What happens when a serving patriot is abandoned by his country, sparking off a political conspiracy? Throw in some superpowers, a VR-induced utopia, dangerous nationalism, and you’ve got KINO. The latest arc is written by Alex Paknadel (Friendo) and follows Alistair Meath, an RAF pilot who was ripped out of a perfect simulated version of his life after he was exposed to an asteroid that knocked him unconscious. He’s now aimlessly wandering the streets of London in a haze, as his new reality is vastly different to the idealistic one he spent months in before an MI6 raid pulled him out. Plus, it looks incredible. It comes with illustrations by Diego Gallindo, colours by Adam Guzowski, lettering by Jim Campbell and a stellar cover by Frazer Irving.
IF YOU’VE NEVER READ THE STORY FROM LION FORGE COMICS BEFORE, KINO10 IS AN EXCELLENT JUMPING-OFF POINT.
We’ve said it before, and we’ll say it again. The best science-fiction tales are those that parallel our own world with political allegories and social commentary. KINO #10 has that in spades, take your pick. Is it the shady dealings of the UK Government? The abandonment of servicemen and women after they’ve been through a trauma? The homeless crisis? The issue manages to weave all of these problems together into its world without bluntly bending the story to accommodate them. They’re quietly playing in the background and the state of the country is overtly clear from dialogue between characters.
Meath might’ve been a red-caped superhero before, but he’s down on his luck after breaking free of his virtual prison. Muttering to himself in public while stalking his own family, it’s clear he’s questioning what is real. The UK is in disarray, with grinning politicians taking the stage claiming that everything is fine and no one really needs to worry. Sound familiar? It says a lot when the real villains are no longer dressed in spandex with cackling plans of mass destruction. Here, they’re old men in suits with no real connection to what real life is like, pushing through shady policies that only fatten their wallets. Again, this all ringing true for the state of global affairs in 2018.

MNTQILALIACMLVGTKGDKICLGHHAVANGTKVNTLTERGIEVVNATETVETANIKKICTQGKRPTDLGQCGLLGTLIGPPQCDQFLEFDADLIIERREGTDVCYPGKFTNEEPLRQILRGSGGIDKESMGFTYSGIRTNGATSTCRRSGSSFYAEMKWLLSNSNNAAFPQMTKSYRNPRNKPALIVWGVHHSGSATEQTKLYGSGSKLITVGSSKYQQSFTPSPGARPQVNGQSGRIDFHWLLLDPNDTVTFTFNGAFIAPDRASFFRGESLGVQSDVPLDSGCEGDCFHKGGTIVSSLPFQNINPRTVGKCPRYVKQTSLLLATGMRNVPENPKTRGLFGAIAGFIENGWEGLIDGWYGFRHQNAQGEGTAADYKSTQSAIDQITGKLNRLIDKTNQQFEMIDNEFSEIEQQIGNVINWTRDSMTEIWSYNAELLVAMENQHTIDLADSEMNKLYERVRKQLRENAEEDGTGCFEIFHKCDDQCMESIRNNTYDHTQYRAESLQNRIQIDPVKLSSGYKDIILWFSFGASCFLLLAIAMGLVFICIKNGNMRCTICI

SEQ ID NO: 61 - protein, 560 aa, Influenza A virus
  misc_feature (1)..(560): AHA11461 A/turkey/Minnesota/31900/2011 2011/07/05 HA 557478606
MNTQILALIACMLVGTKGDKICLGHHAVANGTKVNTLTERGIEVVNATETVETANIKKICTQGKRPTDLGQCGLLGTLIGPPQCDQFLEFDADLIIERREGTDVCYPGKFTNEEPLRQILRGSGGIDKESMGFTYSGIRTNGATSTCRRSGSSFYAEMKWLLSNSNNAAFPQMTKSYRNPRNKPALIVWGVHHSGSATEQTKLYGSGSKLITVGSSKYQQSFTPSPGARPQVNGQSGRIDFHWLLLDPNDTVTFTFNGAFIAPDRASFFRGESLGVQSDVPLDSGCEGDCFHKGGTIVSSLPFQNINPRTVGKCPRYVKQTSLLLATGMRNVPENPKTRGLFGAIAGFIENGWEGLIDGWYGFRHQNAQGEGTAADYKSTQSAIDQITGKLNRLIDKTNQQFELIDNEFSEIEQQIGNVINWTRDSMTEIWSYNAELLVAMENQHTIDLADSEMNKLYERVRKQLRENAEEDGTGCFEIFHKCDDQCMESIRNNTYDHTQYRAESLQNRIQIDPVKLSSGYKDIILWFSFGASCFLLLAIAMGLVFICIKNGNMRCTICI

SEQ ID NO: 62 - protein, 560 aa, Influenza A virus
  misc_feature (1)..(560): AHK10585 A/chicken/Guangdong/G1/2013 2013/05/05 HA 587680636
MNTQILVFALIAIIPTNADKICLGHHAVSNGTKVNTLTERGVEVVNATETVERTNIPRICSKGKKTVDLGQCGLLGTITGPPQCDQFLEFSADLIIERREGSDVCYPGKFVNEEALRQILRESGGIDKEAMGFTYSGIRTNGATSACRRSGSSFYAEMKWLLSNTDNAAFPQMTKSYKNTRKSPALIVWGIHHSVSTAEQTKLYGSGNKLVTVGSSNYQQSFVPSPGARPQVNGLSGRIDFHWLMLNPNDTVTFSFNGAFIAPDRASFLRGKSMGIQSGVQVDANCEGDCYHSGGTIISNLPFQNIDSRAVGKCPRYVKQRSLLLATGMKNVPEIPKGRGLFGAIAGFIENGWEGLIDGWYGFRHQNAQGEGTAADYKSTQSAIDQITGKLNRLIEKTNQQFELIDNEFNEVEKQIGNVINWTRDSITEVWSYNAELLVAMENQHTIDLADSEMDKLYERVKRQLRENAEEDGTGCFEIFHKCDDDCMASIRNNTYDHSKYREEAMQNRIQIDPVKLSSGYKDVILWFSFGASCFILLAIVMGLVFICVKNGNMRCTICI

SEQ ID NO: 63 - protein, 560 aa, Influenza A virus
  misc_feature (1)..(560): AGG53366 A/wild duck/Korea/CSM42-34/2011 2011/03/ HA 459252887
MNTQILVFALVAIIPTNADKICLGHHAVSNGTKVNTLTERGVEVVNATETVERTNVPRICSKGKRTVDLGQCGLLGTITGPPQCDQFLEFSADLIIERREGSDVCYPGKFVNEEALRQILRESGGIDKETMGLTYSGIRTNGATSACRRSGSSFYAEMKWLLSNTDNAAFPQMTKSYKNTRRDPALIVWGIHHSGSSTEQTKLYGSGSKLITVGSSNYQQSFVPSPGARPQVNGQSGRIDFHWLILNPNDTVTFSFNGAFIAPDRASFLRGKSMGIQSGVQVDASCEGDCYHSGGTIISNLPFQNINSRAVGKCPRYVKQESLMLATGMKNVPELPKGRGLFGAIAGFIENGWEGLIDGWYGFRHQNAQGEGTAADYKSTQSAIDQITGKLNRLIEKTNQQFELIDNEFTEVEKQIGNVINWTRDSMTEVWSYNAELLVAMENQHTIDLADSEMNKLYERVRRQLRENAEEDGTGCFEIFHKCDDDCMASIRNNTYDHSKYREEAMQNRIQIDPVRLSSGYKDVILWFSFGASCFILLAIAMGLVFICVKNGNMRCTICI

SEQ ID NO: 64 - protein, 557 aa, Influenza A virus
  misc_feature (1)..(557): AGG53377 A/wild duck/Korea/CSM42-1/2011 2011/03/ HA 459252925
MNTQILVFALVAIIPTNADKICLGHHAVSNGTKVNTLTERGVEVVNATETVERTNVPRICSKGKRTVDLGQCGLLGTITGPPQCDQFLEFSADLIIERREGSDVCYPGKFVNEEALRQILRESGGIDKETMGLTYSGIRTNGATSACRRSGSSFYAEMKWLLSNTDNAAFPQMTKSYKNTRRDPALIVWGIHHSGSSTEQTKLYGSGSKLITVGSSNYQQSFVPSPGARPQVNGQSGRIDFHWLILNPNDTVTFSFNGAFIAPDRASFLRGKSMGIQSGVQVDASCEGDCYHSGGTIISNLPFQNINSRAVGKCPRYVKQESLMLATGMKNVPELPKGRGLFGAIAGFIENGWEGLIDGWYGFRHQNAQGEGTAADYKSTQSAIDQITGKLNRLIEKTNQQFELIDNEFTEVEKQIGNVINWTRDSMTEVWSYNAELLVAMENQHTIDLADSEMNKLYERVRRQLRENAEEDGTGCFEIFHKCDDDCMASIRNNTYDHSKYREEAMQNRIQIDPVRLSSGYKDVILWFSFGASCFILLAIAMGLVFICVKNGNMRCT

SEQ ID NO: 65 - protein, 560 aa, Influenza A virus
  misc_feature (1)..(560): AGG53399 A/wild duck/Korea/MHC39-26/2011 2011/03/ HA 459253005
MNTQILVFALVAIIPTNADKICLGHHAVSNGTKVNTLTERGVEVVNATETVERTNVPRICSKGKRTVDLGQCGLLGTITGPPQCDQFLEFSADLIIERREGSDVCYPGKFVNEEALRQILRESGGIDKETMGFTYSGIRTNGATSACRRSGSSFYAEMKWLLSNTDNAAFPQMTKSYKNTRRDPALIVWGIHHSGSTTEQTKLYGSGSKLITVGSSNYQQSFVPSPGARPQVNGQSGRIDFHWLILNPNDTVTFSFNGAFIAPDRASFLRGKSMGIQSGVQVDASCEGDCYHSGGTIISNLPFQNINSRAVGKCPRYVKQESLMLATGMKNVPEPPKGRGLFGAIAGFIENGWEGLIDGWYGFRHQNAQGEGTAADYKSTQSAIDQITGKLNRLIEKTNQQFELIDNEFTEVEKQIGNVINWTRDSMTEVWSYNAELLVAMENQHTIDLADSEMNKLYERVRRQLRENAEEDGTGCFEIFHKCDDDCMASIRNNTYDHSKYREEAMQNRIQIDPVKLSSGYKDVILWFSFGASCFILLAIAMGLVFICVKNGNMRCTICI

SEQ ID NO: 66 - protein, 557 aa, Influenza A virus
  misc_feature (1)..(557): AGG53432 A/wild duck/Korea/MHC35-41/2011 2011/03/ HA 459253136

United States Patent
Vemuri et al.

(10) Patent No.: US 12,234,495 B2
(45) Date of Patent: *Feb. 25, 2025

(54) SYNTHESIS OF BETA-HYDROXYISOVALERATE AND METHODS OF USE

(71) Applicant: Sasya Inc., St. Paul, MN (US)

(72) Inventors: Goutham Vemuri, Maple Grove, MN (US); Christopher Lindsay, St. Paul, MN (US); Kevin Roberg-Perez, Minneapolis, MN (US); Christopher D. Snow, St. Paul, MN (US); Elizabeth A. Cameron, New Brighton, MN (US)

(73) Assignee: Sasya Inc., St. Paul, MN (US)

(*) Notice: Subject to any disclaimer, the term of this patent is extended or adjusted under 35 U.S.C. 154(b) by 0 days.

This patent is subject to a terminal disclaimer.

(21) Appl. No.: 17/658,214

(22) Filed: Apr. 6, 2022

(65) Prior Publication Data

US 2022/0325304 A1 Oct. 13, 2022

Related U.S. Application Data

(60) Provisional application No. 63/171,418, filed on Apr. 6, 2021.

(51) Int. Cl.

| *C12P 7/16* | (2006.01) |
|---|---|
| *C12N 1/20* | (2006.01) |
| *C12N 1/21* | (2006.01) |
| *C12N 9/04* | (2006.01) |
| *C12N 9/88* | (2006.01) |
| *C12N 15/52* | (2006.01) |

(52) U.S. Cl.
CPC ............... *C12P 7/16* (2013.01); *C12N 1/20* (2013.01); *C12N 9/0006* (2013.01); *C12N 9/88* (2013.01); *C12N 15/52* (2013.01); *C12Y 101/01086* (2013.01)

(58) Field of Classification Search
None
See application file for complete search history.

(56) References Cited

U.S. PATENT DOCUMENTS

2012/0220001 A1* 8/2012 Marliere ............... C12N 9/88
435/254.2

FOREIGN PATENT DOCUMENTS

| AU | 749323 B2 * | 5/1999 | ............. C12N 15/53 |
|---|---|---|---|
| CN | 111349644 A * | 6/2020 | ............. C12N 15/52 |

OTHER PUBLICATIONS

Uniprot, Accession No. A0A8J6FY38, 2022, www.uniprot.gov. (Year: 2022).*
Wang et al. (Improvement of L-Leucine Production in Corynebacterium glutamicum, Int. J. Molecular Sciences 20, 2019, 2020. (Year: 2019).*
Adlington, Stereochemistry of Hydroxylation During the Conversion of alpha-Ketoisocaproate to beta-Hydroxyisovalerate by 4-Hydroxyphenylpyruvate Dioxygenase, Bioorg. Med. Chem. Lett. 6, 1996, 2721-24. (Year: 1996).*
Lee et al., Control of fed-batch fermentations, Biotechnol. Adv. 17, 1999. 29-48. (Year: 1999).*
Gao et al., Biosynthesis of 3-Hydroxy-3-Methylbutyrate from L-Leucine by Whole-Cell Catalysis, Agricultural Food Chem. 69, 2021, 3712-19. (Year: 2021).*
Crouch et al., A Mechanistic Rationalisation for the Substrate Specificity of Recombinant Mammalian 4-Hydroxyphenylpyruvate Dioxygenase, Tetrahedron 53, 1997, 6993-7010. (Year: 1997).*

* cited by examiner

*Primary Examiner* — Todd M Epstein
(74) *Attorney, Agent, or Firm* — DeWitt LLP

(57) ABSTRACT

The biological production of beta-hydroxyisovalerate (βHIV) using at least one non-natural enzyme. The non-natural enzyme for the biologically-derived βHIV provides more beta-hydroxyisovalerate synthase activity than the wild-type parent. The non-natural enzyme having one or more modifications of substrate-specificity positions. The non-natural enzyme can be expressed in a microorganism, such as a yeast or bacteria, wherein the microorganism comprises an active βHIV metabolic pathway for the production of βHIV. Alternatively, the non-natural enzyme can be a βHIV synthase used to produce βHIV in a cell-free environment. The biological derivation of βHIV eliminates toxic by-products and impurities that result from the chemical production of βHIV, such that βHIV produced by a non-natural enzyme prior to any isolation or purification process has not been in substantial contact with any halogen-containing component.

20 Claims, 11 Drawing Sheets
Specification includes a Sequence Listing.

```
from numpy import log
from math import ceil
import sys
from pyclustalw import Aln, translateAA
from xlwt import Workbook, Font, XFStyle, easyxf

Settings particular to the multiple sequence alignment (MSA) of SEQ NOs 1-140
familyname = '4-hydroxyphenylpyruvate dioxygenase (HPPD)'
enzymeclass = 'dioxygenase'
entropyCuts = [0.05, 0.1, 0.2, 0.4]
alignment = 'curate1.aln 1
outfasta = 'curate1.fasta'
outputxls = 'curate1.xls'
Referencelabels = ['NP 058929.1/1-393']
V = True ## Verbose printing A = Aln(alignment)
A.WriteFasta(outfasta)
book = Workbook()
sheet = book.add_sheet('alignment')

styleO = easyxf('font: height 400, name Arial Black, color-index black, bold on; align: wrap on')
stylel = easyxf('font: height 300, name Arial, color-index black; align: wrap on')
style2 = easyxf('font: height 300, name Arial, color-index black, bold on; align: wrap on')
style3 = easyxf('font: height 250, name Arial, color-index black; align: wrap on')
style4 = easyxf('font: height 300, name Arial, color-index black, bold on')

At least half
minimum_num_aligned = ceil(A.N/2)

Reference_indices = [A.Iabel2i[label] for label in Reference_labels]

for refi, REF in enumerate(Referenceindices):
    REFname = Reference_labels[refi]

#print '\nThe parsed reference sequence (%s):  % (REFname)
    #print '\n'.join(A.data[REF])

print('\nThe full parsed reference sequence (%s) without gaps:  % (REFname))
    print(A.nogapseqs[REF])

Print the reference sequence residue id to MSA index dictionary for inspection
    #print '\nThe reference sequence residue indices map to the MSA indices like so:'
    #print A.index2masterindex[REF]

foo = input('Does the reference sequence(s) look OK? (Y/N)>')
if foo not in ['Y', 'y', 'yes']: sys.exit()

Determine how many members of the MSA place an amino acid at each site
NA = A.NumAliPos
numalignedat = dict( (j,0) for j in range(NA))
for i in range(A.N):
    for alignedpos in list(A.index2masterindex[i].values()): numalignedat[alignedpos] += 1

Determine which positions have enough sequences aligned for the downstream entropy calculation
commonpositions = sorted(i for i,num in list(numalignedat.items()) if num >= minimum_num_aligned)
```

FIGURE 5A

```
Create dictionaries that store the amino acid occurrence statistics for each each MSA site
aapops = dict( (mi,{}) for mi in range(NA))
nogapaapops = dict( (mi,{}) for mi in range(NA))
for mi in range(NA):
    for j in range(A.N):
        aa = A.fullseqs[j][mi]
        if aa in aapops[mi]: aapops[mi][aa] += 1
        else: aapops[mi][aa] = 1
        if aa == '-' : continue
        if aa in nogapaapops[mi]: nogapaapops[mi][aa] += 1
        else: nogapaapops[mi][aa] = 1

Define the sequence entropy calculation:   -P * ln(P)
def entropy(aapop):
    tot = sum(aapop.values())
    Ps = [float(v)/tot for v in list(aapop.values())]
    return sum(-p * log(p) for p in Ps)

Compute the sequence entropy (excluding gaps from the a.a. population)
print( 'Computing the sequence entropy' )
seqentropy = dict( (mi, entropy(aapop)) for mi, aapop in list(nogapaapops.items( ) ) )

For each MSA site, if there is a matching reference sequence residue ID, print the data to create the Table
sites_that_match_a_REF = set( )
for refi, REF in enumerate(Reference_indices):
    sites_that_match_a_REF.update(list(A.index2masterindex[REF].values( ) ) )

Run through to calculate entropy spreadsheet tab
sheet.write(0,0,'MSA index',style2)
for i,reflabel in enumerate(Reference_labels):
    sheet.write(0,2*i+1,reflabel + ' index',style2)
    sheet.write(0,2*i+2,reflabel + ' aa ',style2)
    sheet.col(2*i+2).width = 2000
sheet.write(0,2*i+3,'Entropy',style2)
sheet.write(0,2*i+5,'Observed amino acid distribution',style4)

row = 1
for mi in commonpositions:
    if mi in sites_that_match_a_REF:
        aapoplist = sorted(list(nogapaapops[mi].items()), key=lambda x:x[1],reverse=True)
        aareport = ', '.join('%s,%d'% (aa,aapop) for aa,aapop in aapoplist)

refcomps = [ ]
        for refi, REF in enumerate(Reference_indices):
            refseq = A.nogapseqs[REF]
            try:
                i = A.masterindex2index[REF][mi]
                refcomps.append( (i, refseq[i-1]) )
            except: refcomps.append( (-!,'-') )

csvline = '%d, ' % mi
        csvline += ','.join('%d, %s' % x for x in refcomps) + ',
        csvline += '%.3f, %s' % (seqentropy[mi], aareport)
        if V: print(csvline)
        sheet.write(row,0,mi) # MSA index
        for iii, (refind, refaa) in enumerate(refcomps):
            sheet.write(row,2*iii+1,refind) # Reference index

Don’t get us wrong, it isn’t completely doom and gloom. There’s a fantastic moment later on in the issue in which Alistair begins to regain some of his heroic tendencies that plays out very cinematically. If you’ve never read the story from Lion Forge Comics before, KINO10 is an excellent jumping-off point. And with Paknadel at the helm, we’ve no doubt that this story has plenty more tricks up its sleeve.
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A thrilling superhero story combined with an equally fascinating social commentary.